In total, over 74,000 sub-loans worth € 1.6 billion have been extended to small businesses in the EU8 countries. Poland was the largest recipient country with a total of €262 million lent to over 33,200 sub-investments, followed by Hungary and the Czech and Slovak republics. Many of the participating banks continued to focus on SMEs after they accessed EBRD credit lines.

The Bank also invested in small businesses through equity funds. “Equity finance is particularly important for younger firms that are learning and have more volatile revenues,” explained Anne Fossemalle, EBRD Director of the Equity Funds team.

According to Ms Fossemalle, providers of equity finance contribute to SME development not only by offering capital but also by exposing small entrepreneurs to the expertise of fund managers, thus improving SMEs’ corporate governance and providing assistance beyond finance alone.

The Bank has developed integrated approaches in Poland and the Baltic States, focussing on specific transition gaps and providing a combination of policy dialogue and investments.

In the Baltics this methodology has just been launched: the Bank has committed €20 million to BaltCap Private Equity Fund II and has recently decide to commit €10 million to BPM Mezzanine Fund, which operates in both Poland and the Baltic States, and will invest principally in SMEs.

“More Polish companies now look to move outside their home markets, both east and west,” said Bill Watson, Managing Partner of Venture 4 Capital Eastern Europe Fund in which the EBRD has an almost 20 per cent share. “Regional private equity can help this process with the knowledge and experience from outside the home market and unlock the potential of SMEs for further growth.”

The EBRD also worked to build entrepreneurs’ managerial capacity by offering industry expert advice and promoting the development of the local consultancy market. This was the purpose of the first Business Advisory Service launched in 1995 in the Baltic states, a programme the Bank replicated in many countries.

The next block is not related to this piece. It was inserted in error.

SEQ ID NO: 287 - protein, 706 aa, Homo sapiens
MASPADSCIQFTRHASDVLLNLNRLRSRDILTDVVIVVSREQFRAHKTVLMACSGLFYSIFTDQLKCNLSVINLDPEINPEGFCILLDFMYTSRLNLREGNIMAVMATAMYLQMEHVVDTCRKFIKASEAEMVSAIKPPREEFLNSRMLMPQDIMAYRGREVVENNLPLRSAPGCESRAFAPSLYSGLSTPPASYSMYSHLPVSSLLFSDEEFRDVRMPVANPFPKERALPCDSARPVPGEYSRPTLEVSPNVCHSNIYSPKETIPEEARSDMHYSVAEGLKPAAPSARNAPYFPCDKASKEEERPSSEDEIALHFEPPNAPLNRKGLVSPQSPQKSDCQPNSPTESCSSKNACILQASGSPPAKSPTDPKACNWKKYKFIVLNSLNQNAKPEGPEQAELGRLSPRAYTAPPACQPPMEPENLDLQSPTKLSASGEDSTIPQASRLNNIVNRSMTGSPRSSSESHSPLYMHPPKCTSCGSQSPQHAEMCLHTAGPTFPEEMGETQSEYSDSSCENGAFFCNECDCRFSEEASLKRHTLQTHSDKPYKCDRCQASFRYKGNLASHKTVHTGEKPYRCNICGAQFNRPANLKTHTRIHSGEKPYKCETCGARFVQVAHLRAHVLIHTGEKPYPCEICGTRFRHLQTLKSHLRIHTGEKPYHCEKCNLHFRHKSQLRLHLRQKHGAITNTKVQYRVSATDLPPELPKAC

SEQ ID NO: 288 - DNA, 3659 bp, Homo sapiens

Ms Bemhena’s company Spilva carried out several projects under the scheme, from creating a brand identity to obtaining ISO standard certifications. “We introduced the latest knowledge and technology,” she said. “As a result we became the market leader in Latvia and today we export our quality food to 15 countries."

During its nine years, the programme carried out over 1,600 projects to improve companies’ market performance, management effectiveness and introduce efficient management systems.

The EBRD has shown it can magnify the impact of its financing by supporting capacity building and policy dialogue that ensures sustainable change. The Bank will continue to apply this formula through its new Small Business Initiative.

Although the fate of individual enterprises is determined by market competition, the Bank has strengthened the institutions that promote a healthy business environment. Individuals with great business ideas can thus more easily build a better future.

This is another in our series of articles titled the New Europe about our work in the EU8, countries of Poland, Latvia, Lithuania, Estonia, the Czech and Slovak Republics, Hungary and Slovenia.